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    Understanding Florida’s Brewing Licenses

    I know it might be hard for many to believe but Florida can be a strange and — often times — wacky state to follow in logic. One of these particular instances is understanding the two different types of licenses that the state offers to those wishing to brew beer commercially. “Why two?” you might ask, well these two different licenses come with different restrictions on the license holder about a number of things, including but not limited to, the amount of beer the brewer can make per year along with the way the beer is served from their premise.

    The two different license types are CMB and CMBP. Think of the CMB as a commercial/production brewery while the CMBP as a brewpub. I’ll get more into the specifics of those in just a moment.

    Why am I am I writing about these besides having some spare time on my hands? Having seen some CMBP holders having bottle releases in the past number of months got me thinking, “Do they even know that they can’t do that or are they willfully disobeying the restrictions?” Wanting to see the best in people I am hoping for the earlier of those two options and start doing some research.

    Unless you’re a lawyer, reading and understanding the restrictions of certain license types can be maddening. Legal jargon is boring and worded in such a specific way that it sometimes leaves holes in your comprehension of the statement that only leads to more questions. Luckily my experience coupled with getting some help from the wonderful Executive Director of the Florida Brewers Guild, Sean Nordquist, allowed me to put together some — hopefully — easy to understand outlines of the two different licenses and what restrictions they have.

    Are you good and confused? Great, let’s get to this. Continue reading…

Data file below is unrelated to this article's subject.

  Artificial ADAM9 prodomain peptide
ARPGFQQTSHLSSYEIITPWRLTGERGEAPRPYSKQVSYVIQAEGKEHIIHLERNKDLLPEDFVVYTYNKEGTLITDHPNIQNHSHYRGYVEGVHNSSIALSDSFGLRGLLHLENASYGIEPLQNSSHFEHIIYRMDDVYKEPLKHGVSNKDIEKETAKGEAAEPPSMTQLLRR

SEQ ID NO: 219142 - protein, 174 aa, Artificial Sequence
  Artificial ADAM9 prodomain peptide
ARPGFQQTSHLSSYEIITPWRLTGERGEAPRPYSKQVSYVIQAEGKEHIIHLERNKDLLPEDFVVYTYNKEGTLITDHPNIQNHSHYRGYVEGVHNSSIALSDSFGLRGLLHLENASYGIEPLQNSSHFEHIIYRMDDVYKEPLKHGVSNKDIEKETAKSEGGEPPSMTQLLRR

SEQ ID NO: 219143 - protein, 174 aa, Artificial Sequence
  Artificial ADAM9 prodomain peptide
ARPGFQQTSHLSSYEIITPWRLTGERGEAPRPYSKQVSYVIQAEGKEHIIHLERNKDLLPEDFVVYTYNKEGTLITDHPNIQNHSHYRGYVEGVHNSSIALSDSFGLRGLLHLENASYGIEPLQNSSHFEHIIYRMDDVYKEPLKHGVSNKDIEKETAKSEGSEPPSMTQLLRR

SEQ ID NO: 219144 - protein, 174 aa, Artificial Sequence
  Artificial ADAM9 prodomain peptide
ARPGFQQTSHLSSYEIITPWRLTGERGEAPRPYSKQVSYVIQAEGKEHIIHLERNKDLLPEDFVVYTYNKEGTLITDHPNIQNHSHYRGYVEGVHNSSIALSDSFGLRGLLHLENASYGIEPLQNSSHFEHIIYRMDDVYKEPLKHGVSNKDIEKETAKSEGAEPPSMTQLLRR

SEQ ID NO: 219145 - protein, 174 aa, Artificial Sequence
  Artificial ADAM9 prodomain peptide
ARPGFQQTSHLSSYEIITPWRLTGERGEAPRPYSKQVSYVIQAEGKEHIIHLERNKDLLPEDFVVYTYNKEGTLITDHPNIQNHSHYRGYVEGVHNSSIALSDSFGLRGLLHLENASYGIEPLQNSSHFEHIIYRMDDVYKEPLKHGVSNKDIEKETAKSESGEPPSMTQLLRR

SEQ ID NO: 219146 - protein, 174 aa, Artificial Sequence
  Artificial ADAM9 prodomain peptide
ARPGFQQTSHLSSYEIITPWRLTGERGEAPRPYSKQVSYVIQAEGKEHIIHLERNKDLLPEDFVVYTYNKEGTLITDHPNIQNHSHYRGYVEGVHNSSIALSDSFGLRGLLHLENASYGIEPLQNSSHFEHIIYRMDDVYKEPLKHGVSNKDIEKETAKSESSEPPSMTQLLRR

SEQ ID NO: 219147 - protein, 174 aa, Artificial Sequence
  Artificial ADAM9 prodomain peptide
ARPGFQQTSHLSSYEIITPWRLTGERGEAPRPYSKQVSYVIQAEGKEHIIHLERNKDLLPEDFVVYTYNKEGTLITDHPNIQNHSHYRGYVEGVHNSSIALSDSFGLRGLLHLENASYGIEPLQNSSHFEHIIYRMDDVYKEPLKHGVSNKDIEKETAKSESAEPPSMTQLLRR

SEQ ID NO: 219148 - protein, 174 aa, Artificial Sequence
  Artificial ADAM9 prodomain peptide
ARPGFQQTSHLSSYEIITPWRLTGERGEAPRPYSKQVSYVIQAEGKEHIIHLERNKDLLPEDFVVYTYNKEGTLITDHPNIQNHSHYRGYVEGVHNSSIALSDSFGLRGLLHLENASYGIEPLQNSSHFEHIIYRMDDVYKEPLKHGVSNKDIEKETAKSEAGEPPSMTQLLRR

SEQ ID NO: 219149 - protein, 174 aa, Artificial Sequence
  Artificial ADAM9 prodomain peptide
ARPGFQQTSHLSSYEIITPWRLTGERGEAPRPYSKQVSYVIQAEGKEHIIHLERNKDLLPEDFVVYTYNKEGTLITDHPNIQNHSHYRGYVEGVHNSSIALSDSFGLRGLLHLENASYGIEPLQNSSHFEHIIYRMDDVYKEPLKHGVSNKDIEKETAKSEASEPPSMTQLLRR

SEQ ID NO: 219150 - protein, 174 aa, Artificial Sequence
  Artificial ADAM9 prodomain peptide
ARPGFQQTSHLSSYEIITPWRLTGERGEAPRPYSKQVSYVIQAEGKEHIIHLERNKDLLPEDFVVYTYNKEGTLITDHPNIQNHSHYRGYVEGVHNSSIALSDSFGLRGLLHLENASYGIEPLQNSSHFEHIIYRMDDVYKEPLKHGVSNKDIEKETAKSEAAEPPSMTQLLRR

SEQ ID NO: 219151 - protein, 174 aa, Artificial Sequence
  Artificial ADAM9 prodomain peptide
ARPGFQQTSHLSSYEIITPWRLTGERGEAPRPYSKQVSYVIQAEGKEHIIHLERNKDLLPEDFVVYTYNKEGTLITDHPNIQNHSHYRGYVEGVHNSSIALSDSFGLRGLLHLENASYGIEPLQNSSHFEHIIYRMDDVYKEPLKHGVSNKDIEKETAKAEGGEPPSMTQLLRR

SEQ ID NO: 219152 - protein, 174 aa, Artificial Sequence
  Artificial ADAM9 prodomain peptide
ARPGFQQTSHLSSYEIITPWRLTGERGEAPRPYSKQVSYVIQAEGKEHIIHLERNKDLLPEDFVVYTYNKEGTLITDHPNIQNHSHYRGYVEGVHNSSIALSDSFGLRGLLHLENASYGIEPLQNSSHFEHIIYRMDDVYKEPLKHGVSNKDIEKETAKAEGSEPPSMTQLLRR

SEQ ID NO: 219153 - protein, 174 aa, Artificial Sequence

Where Have I Come and Where Am I Going?

    I remember my first craft beer like it was yesterday, Samuel Smith’s Oatmeal Stout at Isaac Newton’s in Newtown, PA. It’s silky mouthfeel coupled with a decadent, roasty sweetness was unlike anything I’d had before. I mean Guinness was good but had nothing on this. It motivated me to find great tasting beer outside of the multi-million dollar ad campaigns during football games.

    At the time this whole term — craft beer — was new on me, I didn’t really know what it meant. Fast forward to 2017 and we still as whole don’t seem to agree on what craft, or independent, beer is. Over time I learned about what was considered craft beer by the Brewer’s Association’s continually evolving definition and all I think it has done is make things a good bit cloudier, and not in the New England IPA sort of way. How much beer do you make per year? Are you more than 24.5% owned by one of the big boys? What ingredients are you using? Before a couple years ago you weren’t craft if you used corn in your beer but cartoon clad boxes of sugar coated breakfast cereal is craft to a tee? Continue reading…

    When San Francisco Heats Up Just Drink

    When thinking about climate in San Francisco our minds are usually nowhere near as foggy as the layer of of clouds that typifies what we know of the West Bay’s peninsula city. Temperatures in the mid 50s up to the low 70s are the typical highs throughout the year. When visiting the city in late August I was filled with joy in belief that I would get to wear jeans and a hoodie with brisk, mild days. But leave it to me to get the great misfortune of strolling into town and getting to experience a couple of the hottest days on record in the City by the Bay.

    Our first couple days were absolutely on point to what we expected from San Francisco’s weather, mid to high 60s during the day and low 50s at night. But as the week went on the mercury began rising. Soon days were in the 80s and by Friday and Saturday the upper 90s — even pushing 100. These types of temperatures are not something new to me. South Florida has gotten me more than acquainted with sweaty days outside but the fact that nearly no building in the city have air conditioning made this heat spell just a tad uncomfortable.

    Carrying around bottles of water —  and constantly refilling them — was an absolute must. You would judge the best side of the road to walk down based off of shadows from the buildings. You would stop into a stuffy dive bar, that would have every fan turned up to it’s “holy shit this is hot” setting trying to make for more comfort, and order a cold drink only to be on your way after that one. You’re sweaty. You’re tired. You’re feet are burnt from an ill thought of run on the beach. This sounds like utter misery but I wouldn’t have traded it for anything in the world. Continue reading…